“Laptops are the single biggest cause of compromises. Educating the users that they actually don’t need administrative access to their machines, their laptops belong to the port and are a tool for business, has been a huge challenge.”

Security eye on email

PoN also trained its security eye on the email system. When an email comes in, two different virus scanners scan it before it is handed to the exchange server. Executable attachments are removed and html mail is converted into plain text.

“This takes out the active component of the email and that gives us another layer of security. All html email does is add some pretty bits. It doesn’t give you any more functionality, but what it does is it makes you much more vulnerable.”

Wicks admits there was initially some negative reaction from users, but they understood the move when it was explained to be part of multiple layers of defence.

Technology, however, is just a small part of ensuring security systems are in place. “The biggest challenge has been educating those people, so they know they need to follow a process.”

Now, systems have to be approved and checked before they are allowed to become part of the infrastructure, and this is coordinated with IT.

“Before, some of them were under the impression they could buy anything they want, stick it in and say ‘Hey, it doesn’t work!’ So a lot of the challenge is in implementing the policies, not the software or hardware or anything else.”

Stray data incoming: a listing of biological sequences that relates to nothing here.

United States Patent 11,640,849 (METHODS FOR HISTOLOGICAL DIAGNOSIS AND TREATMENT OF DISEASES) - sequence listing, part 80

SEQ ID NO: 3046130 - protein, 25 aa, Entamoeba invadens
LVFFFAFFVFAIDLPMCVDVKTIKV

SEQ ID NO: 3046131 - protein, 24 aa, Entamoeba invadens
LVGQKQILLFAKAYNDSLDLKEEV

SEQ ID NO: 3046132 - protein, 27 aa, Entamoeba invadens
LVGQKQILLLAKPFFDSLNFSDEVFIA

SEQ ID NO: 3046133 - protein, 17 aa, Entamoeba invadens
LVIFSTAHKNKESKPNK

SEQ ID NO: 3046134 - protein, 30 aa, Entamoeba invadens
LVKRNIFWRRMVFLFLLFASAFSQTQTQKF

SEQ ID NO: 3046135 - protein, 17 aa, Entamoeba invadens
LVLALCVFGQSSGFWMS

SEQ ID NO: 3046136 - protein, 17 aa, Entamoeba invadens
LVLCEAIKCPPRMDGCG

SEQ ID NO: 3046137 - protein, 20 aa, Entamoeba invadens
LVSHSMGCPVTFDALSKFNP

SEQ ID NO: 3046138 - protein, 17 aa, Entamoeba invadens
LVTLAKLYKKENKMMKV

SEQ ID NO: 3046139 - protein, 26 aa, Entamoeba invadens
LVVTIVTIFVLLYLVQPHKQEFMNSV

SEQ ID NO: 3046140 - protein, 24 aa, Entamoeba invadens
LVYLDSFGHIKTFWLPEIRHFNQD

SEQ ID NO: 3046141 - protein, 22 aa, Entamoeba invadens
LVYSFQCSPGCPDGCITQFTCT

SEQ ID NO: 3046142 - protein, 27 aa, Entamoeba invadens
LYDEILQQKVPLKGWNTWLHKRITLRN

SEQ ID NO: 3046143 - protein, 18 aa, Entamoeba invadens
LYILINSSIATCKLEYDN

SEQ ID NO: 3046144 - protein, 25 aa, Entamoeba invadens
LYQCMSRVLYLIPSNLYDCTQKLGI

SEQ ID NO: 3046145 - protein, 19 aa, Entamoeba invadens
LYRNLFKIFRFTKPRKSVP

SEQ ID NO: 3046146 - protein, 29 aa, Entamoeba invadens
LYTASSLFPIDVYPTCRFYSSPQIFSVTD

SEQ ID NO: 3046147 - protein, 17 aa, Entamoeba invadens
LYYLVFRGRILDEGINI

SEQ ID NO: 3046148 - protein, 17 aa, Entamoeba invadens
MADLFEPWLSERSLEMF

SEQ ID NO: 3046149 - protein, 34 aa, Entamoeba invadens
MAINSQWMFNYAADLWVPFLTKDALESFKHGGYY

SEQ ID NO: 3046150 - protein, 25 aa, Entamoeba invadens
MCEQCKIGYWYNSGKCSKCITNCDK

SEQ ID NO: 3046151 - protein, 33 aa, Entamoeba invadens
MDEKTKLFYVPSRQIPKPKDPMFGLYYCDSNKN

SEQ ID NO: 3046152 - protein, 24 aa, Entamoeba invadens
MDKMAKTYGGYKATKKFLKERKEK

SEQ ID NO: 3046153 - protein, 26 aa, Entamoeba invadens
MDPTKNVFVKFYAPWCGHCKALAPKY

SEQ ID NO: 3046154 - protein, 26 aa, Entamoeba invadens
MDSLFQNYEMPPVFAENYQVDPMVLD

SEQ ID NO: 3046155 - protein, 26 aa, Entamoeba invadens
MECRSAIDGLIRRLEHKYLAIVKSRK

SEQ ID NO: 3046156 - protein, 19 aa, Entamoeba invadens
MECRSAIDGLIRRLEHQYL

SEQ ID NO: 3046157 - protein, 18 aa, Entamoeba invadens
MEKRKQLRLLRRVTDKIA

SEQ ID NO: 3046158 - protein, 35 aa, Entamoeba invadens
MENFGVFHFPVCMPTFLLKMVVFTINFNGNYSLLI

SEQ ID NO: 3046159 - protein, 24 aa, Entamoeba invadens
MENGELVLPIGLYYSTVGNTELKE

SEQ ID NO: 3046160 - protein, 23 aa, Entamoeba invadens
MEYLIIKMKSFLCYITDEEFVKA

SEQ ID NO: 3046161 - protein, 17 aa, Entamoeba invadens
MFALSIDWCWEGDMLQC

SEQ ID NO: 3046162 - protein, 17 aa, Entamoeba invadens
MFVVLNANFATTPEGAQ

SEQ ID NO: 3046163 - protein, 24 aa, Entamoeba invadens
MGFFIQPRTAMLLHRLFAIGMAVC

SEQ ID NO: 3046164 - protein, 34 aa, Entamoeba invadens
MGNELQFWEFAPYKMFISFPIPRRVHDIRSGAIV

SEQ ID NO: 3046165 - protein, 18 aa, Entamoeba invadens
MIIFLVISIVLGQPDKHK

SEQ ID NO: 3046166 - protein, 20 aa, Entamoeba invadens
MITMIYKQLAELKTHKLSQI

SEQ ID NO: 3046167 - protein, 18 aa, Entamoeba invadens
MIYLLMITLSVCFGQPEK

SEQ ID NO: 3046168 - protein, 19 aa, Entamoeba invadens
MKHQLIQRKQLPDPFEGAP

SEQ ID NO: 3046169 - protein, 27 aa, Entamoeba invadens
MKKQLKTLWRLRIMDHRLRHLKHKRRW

But implementing the policies does not mean stopping people from doing what they need to do for their job. “It just means everybody has to work together.” The IT department worked with human resources and communications on a handbook of policies for all staff, in which it outlines the strict web policy on scanning all internet access for pornography.

There is, however, an “open policy” allowing staff members to surf certain sites, such free web-based email hosts, eBay, trademe and internet banks during lunch breaks.

The enterprise employs a web management system developed by Wicks and some associates for another company, soon to be deployed commercially, and PoN already uses all the technologies it incorporates.

Although PoN actively encourages its staff to become familiar with their equipment, it limits their ability to experiment with it. “You want them to be happy and comfortable but you don’t want them to be able to break anything.”